At the turn of the century, New York City's Germans constituted a culturally and politically dynamic community, with a population 600,000 strong. Yet fifty years later, traces of its culture had all but disappeared. What happened? The conventional interpretation has been that, in the face of persecution and repression during World War I, German immigrants quickly gave up their own culture and assimilated into American mainstream life.
But in Translating America, Peter Conolly-Smith offers a radically different analysis. He argues that German immigrants became German-Americans not out of fear, but instead through their participation in the emerging forms of pop culture. Drawing from German and English newspapers, editorials, comic strips, silent movies, and popular plays, he reveals that German culture did not disappear overnight, but instead merged with new forms of American popular culture before the outbreak of the war. Vaudeville theaters, D.W. Griffith movies, John Philip Sousa tunes, and even baseball games all contributed to German immigrants' willing transformation into Americans.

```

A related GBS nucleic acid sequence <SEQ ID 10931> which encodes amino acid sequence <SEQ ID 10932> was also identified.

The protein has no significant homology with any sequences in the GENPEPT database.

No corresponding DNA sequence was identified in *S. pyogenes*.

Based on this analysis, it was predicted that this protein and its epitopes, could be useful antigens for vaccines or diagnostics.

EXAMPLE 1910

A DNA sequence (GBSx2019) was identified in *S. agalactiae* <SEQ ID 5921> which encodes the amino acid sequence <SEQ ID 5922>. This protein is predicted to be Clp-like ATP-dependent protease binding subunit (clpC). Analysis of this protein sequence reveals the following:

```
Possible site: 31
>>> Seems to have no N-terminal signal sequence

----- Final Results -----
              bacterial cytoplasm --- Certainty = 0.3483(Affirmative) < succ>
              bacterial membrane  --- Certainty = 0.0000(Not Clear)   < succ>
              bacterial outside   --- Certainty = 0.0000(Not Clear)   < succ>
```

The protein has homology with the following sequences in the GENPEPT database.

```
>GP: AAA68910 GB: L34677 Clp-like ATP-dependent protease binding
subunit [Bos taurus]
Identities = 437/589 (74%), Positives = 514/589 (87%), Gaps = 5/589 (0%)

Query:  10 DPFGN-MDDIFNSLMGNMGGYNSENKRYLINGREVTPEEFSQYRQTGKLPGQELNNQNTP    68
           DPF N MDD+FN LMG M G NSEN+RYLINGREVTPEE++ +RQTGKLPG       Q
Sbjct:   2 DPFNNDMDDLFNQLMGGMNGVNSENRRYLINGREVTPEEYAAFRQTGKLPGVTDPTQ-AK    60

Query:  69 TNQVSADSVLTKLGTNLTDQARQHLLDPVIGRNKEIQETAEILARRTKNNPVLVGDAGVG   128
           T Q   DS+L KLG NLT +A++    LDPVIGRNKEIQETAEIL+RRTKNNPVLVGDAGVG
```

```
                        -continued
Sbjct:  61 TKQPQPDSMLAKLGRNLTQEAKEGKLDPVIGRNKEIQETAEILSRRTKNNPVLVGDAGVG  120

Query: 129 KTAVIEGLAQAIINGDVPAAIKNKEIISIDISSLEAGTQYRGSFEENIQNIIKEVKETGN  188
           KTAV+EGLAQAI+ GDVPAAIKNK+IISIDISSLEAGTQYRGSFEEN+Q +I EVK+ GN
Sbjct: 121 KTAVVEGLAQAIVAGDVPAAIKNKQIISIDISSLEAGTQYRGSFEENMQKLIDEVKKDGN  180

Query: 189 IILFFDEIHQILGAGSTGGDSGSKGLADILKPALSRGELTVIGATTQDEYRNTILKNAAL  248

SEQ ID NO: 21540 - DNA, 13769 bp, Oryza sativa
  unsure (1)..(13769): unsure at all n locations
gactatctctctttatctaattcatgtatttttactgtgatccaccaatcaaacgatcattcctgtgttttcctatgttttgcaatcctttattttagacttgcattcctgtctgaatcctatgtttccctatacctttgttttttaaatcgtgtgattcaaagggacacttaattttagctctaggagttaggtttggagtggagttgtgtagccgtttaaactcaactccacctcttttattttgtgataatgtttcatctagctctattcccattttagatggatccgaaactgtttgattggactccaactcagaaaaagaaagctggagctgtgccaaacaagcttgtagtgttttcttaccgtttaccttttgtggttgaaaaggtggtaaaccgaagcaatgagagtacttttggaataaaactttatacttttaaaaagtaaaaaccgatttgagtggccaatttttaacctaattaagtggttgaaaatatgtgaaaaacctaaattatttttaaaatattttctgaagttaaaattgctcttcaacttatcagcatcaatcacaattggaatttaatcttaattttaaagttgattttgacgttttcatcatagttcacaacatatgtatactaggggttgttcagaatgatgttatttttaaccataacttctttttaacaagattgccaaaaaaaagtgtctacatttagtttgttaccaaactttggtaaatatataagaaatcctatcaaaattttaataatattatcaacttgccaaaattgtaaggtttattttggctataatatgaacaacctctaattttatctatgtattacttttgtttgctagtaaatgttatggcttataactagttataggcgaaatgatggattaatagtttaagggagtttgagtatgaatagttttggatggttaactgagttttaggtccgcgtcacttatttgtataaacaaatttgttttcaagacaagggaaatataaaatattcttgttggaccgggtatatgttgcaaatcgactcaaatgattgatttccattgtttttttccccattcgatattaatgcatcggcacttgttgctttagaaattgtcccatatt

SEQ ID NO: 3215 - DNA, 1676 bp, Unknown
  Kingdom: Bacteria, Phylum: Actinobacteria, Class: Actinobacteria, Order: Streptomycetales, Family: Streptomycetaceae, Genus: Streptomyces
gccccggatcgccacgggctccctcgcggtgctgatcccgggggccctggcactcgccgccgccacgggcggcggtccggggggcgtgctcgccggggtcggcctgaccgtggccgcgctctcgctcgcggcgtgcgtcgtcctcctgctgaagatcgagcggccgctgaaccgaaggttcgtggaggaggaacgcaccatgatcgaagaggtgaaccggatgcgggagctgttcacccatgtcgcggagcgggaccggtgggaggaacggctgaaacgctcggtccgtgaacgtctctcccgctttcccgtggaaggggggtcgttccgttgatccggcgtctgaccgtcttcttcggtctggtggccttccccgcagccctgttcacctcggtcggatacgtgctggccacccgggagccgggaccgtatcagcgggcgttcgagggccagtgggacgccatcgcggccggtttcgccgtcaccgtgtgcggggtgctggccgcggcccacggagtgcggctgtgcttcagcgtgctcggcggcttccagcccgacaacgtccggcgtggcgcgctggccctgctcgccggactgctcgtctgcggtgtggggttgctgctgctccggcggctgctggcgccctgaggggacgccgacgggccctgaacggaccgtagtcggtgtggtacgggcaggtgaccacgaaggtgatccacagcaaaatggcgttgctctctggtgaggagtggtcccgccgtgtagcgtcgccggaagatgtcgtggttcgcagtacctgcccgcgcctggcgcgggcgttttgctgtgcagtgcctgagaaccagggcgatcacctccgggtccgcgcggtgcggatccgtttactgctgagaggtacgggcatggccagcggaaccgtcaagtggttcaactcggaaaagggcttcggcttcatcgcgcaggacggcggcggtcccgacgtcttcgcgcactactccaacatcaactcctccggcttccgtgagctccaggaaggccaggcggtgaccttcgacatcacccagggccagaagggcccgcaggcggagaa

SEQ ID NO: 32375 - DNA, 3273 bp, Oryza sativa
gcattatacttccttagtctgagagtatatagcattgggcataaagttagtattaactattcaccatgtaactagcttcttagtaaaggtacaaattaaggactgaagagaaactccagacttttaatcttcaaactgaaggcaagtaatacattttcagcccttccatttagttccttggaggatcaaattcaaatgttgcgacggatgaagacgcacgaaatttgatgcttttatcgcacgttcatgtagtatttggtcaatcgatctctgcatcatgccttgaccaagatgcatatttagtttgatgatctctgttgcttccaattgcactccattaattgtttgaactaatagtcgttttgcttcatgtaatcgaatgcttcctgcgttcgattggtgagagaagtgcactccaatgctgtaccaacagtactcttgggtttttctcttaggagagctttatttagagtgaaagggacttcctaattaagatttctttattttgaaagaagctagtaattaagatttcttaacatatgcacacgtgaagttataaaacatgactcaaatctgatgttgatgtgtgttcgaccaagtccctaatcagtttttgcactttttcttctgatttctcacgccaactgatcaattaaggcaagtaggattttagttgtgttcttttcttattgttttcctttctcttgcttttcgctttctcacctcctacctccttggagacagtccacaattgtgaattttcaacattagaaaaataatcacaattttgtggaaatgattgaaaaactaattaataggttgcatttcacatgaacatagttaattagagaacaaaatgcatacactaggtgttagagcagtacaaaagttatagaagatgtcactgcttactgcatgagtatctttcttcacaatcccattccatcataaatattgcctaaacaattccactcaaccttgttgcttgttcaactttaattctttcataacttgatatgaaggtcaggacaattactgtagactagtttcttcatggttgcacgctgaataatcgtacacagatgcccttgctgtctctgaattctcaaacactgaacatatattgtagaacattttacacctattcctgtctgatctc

Translating America tackles one of the thorniest questions in American history: How do immigrants assimilate into, and transform, American culture?